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Video, color, sound, 4:57, 2023

In the American horror film,The Exorcist (1973), a young, white female protagonist from an affluent family is said to be possessed by the Devil himself. The possessing entity is revealed as Pazuzu, an apotropaic deity whose likeness was used as defense charms to safeguard homes in ancient Mesopotamia. Making otherizing references to the Middle East and Africa as the spatial origins of demonic possession, the film proceeds to its infamous climax where the possessed girl is bound to her bed and sadistically exorcised by two male priests.


The true terror of the film lies in the perceived unlikeliness of possession for an upper-middle class, white individual in Georgetown in modern America. Kevin Wetmore Jr. points out that "[the] horror of exorcism films is that an African or Middle Eastern entity has ownership and control over the body of a Western individual," which inversely mirrors the horror of colonialism where "the imperialist state has ownership and control over the bodies of all of the indigenous peoples."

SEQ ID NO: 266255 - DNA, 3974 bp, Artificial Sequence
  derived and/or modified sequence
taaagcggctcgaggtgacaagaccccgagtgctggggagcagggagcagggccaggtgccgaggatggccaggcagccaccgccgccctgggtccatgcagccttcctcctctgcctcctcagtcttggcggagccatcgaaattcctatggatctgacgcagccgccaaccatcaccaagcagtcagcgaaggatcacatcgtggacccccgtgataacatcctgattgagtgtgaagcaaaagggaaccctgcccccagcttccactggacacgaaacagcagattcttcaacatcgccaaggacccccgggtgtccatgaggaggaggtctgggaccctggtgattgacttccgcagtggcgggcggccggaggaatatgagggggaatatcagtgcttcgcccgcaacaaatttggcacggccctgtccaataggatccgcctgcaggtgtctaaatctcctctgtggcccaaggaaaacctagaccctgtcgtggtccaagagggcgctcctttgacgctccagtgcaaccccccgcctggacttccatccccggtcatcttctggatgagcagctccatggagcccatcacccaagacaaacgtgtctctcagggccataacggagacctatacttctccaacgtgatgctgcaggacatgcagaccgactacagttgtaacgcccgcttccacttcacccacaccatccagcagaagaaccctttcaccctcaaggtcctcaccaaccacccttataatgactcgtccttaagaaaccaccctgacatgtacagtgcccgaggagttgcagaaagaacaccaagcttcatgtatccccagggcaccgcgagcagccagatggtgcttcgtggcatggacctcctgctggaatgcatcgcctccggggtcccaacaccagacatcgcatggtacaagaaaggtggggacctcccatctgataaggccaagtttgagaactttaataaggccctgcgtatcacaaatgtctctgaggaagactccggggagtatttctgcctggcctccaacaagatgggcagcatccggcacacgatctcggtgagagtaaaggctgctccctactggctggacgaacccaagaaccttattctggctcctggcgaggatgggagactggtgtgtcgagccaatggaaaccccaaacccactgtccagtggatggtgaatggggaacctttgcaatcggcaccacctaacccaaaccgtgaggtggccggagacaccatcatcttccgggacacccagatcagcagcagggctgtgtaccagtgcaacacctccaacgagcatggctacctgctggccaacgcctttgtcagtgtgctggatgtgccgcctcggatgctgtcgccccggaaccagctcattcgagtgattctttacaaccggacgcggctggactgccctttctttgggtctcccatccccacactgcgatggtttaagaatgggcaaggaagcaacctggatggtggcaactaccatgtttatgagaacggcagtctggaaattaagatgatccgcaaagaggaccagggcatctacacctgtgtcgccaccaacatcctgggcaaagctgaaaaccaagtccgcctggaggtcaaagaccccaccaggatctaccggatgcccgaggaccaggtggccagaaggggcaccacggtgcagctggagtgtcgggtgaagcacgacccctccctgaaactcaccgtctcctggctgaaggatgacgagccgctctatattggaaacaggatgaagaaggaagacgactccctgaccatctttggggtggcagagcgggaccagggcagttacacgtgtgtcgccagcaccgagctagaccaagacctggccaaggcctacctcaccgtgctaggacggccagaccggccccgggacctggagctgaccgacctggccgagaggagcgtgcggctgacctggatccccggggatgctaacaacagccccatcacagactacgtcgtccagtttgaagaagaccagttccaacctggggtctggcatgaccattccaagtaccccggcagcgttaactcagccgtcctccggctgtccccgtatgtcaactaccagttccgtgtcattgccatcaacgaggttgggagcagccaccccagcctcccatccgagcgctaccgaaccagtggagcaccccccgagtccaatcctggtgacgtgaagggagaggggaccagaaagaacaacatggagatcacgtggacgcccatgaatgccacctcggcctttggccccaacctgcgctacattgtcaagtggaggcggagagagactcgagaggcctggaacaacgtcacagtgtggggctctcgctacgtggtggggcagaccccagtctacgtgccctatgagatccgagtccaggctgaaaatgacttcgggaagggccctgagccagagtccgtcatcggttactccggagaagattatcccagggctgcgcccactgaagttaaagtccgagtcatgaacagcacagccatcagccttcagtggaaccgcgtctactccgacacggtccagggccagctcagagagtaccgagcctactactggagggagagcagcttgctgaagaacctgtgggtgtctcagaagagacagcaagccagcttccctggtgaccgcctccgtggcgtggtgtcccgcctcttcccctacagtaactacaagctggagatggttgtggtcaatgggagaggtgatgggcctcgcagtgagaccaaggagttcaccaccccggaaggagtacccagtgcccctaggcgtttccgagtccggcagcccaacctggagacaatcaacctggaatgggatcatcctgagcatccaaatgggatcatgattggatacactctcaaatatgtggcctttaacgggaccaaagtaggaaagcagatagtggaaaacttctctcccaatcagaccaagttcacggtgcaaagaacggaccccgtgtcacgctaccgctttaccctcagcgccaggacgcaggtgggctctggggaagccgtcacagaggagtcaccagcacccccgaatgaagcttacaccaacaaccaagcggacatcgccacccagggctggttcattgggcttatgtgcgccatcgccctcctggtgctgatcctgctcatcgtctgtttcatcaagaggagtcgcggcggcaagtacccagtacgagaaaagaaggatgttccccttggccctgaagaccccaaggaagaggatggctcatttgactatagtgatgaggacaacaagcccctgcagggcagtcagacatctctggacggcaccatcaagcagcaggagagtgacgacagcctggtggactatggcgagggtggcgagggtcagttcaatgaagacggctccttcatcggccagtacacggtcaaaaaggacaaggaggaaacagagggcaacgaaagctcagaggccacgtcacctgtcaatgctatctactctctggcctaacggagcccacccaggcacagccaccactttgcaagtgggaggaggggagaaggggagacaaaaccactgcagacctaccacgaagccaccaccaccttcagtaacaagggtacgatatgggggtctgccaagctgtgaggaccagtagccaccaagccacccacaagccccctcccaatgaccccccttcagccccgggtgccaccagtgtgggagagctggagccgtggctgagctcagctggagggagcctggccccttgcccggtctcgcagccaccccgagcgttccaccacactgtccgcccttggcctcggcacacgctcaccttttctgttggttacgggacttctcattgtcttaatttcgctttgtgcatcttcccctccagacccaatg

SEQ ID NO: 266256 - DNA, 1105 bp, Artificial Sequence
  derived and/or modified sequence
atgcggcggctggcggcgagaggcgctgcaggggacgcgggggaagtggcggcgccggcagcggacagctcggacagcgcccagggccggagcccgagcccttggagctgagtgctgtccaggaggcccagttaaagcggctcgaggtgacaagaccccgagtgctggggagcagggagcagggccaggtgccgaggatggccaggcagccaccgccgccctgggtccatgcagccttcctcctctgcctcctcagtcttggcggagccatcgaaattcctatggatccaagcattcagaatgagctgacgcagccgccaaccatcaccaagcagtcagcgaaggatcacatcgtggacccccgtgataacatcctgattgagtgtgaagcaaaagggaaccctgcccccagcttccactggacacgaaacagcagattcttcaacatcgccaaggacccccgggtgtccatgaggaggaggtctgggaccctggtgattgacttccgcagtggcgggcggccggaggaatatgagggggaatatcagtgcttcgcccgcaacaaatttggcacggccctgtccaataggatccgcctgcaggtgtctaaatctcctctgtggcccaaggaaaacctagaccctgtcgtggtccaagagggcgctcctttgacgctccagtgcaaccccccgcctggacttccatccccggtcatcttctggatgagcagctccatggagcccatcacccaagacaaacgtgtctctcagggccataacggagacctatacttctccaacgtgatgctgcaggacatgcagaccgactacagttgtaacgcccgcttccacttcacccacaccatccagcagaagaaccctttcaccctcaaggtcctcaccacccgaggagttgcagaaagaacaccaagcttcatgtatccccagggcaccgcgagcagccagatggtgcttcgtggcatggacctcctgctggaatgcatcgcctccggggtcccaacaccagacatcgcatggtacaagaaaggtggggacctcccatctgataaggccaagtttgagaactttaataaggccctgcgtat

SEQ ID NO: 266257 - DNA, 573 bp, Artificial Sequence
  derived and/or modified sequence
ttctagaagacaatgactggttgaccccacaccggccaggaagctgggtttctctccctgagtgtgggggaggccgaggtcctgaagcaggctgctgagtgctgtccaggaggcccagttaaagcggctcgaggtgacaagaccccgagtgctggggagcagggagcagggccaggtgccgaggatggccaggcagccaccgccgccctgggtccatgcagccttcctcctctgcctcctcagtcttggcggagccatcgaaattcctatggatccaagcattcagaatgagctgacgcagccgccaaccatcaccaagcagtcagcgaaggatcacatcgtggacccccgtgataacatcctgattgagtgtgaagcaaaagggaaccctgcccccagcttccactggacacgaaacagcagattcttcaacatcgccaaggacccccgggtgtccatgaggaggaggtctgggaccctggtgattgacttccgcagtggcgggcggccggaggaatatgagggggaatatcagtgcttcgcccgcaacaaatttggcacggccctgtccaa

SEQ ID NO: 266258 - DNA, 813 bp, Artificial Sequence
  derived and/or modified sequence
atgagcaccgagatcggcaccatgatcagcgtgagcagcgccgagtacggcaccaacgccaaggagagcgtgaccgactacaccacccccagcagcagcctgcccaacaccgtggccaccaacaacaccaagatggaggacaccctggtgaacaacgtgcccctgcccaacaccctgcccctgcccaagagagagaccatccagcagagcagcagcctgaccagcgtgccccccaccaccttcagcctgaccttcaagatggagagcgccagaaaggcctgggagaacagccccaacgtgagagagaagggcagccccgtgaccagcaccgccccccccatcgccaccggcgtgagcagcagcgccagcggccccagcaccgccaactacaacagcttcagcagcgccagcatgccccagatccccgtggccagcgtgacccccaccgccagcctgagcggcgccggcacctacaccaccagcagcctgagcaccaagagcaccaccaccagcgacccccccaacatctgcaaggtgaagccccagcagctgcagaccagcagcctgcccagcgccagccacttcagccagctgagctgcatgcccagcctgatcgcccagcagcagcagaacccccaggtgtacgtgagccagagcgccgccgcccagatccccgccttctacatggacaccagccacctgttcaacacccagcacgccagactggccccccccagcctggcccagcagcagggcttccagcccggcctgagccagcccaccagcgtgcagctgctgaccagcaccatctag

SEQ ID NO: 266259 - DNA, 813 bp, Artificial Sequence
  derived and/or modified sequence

In this video, both the possessing and possessed entities are removed from the film's concluding scenes that are temporally reversed. Without the presence of supposedly absolute evil, the priests appear disoriented and withdraw themselves from the scenes of sadistic purgation.


As they are pulled back into a mirrored loop of retreat, a ritual song from Jindo Ssitgimgut 진도 씻김굿 (the shamanic purification ritual of Jindo in South Korea) adds another layer of reference to the American missionaries who came to Korea in the late 19th century and wrongly framed Korean shamanism as a devil-worshipping practice and tried to exorcise supposed demons out of Korean shamans. This troubled relationship between Christianity and Korean shamanism still persists in contemporary South Korea, as the Judeo-Christian beliefs in absolute good versus evil continue demonizing other religious and spiritual traditions that do not subscribe to such binaries. 

1. Kevin J. Wetmore Jr., "Colonial Possessions: A Fanonian Reading of The Exorcist and Its Sequels,"Social Research: An International Quarterly, Volume 81, Number 4, Winter 2014, pp. 883-896.

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